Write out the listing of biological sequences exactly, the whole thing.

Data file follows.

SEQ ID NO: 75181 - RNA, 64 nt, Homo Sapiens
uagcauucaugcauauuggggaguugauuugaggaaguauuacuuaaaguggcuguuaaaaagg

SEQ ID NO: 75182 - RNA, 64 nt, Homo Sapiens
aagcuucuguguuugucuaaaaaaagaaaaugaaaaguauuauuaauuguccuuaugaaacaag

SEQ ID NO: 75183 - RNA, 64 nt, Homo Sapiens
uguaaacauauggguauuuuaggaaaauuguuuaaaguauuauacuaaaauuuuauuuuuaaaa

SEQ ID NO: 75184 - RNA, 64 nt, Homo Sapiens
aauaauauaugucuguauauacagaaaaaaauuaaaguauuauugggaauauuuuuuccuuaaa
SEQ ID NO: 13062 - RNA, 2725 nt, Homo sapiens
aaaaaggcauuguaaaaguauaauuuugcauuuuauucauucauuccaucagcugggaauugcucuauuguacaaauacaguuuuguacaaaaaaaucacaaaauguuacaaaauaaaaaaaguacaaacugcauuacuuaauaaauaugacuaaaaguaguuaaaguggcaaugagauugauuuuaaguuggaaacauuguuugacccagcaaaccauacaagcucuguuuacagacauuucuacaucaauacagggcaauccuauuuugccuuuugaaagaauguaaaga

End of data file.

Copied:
SEQ ID NO: 75181 - RNA, 64 nt, Homo Sapiens
uagcauucaugcauauuggggaguugauuugaggaaguauuacuuaaaguggcuguuaaaaagg

SEQ ID NO: 75182 - RNA, 64 nt, Homo Sapiens
aagcuucuguguuugucuaaaaaaagaaaaugaaaaguauuauuaauuguccuuaugaaacaag

SEQ ID NO: 75183 - RNA, 64 nt, Homo Sapiens
uguaaacauauggguauuuuaggaaaauuguuuaaaguauuauacuaaaauuuuauuuuuaaaa

SEQ ID NO: 75184 - RNA, 64 nt, Homo Sapiens
aauaauauaugucuguauauacagaaaaaaauuaaaguauuauugggaauauuuuuuccuuaaa
SEQ ID NO: 13062 - RNA, 2725 nt, Homo sapiens
aaaaaggcauuguaaaaguauaauuuugcauuuuauucauucauuccaucagcugggaauugcucuauuguacaaauacaguuuuguacaaaaaaaucacaaaauguuacaaaauaaaaaaaguacaaacugcauuacuuaauaaauaugacuaaaaguaguuaaaguggcaaugagauugauuuuaaguuggaaacauuguuugacccagcaaaccauacaagcucuguuuacagacauuucuacaucaauacagggcaauccuauuuugccuuuugaaagaauguaaaga